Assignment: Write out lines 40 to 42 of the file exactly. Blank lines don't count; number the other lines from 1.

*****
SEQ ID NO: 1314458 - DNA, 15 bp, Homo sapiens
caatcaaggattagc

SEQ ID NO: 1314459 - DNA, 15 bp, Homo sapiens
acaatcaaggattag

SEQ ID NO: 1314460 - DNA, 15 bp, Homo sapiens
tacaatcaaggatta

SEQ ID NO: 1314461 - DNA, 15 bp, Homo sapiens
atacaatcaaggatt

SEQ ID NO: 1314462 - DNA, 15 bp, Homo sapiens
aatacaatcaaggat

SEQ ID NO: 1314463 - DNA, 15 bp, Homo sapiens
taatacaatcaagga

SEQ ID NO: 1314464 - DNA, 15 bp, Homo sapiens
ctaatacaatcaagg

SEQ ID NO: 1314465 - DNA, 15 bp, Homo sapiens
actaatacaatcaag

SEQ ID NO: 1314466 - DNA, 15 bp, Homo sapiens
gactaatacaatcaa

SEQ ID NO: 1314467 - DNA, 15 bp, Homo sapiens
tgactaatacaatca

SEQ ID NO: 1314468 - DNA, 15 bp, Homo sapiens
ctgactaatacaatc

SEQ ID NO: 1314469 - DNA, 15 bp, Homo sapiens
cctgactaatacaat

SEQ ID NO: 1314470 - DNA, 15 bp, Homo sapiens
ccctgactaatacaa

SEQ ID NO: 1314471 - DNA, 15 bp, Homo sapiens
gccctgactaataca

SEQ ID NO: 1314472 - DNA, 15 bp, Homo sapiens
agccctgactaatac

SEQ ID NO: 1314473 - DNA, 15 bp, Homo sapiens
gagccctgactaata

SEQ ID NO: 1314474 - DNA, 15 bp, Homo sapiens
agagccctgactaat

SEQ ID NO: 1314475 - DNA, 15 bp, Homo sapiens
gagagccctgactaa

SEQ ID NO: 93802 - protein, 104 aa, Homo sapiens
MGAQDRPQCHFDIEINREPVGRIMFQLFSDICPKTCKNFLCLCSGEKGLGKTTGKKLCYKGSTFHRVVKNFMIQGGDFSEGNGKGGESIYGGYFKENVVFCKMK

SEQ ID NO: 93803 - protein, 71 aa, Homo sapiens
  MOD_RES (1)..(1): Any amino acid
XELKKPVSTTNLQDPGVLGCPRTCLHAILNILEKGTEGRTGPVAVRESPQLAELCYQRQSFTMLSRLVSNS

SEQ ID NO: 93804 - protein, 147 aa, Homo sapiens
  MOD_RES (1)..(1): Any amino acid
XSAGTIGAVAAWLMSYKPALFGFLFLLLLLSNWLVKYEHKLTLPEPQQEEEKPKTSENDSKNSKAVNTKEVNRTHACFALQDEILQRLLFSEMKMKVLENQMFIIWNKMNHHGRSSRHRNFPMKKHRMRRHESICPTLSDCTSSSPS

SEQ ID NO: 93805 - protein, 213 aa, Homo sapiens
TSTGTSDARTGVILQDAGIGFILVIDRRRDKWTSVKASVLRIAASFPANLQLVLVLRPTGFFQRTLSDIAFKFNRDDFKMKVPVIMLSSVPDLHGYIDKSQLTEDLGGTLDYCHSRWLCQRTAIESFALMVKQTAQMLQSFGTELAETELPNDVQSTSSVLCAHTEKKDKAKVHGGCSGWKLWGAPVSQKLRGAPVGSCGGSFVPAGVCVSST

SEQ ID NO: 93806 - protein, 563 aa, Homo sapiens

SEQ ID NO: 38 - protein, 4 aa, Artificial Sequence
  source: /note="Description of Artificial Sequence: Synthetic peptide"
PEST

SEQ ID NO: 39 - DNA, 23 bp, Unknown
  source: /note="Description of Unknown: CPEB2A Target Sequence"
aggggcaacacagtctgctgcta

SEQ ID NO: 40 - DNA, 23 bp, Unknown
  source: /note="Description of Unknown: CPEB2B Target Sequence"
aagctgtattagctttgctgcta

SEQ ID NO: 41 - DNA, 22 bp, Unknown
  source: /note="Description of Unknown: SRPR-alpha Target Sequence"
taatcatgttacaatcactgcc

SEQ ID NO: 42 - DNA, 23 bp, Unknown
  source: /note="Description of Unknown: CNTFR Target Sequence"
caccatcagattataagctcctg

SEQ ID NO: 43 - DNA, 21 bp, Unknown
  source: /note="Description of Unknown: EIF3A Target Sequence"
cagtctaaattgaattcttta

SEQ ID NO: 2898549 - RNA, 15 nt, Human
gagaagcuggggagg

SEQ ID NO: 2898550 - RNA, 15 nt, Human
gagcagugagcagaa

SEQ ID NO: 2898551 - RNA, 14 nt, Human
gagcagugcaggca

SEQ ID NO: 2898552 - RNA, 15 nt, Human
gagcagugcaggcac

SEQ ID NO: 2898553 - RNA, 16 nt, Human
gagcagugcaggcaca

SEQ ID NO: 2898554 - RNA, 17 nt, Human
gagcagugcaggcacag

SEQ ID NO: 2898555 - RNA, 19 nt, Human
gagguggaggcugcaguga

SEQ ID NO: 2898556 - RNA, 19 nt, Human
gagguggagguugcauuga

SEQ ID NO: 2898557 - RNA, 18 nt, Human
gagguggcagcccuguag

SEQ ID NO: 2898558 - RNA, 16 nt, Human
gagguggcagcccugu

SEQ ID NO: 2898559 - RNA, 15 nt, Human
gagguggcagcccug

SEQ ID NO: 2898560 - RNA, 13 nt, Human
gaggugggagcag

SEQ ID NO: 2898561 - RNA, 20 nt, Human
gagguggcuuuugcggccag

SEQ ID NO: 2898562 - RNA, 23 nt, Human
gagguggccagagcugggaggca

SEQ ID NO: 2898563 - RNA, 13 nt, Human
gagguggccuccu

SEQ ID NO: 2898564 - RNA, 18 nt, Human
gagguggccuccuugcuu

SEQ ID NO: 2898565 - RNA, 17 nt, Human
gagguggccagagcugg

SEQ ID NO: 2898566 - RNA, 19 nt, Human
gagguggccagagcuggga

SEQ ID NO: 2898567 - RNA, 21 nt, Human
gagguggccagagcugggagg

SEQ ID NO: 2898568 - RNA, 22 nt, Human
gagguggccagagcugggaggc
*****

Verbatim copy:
  MOD_RES (1)..(1): Any amino acid
XELKKPVSTTNLQDPGVLGCPRTCLHAILNILEKGTEGRTGPVAVRESPQLAELCYQRQSFTMLSRLVSNS

SEQ ID NO: 93804 - protein, 147 aa, Homo sapiens